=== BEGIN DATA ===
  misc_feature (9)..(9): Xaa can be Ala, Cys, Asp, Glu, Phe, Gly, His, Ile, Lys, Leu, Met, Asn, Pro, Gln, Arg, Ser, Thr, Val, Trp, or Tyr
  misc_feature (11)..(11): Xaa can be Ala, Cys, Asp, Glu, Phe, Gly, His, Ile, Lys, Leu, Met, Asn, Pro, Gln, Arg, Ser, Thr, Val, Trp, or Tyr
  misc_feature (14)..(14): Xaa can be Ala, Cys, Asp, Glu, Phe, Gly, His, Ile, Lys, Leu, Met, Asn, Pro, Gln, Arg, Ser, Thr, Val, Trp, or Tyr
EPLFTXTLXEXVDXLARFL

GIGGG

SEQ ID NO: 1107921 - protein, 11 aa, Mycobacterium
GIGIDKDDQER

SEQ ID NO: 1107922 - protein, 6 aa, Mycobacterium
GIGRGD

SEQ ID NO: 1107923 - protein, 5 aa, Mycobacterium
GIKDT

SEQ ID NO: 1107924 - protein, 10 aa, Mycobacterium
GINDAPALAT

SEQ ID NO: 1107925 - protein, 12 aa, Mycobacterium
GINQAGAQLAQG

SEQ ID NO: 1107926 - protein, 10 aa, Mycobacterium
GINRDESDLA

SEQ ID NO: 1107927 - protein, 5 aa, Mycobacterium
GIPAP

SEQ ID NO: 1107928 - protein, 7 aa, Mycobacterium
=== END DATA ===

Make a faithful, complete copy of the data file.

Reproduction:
  misc_feature (9)..(9): Xaa can be Ala, Cys, Asp, Glu, Phe, Gly, His, Ile, Lys, Leu, Met, Asn, Pro, Gln, Arg, Ser, Thr, Val, Trp, or Tyr
  misc_feature (11)..(11): Xaa can be Ala, Cys, Asp, Glu, Phe, Gly, His, Ile, Lys, Leu, Met, Asn, Pro, Gln, Arg, Ser, Thr, Val, Trp, or Tyr
  misc_feature (14)..(14): Xaa can be Ala, Cys, Asp, Glu, Phe, Gly, His, Ile, Lys, Leu, Met, Asn, Pro, Gln, Arg, Ser, Thr, Val, Trp, or Tyr
EPLFTXTLXEXVDXLARFL

GIGGG

SEQ ID NO: 1107921 - protein, 11 aa, Mycobacterium
GIGIDKDDQER

SEQ ID NO: 1107922 - protein, 6 aa, Mycobacterium
GIGRGD

SEQ ID NO: 1107923 - protein, 5 aa, Mycobacterium
GIKDT

SEQ ID NO: 1107924 - protein, 10 aa, Mycobacterium
GINDAPALAT

SEQ ID NO: 1107925 - protein, 12 aa, Mycobacterium
GINQAGAQLAQG

SEQ ID NO: 1107926 - protein, 10 aa, Mycobacterium
GINRDESDLA

SEQ ID NO: 1107927 - protein, 5 aa, Mycobacterium
GIPAP

SEQ ID NO: 1107928 - protein, 7 aa, Mycobacterium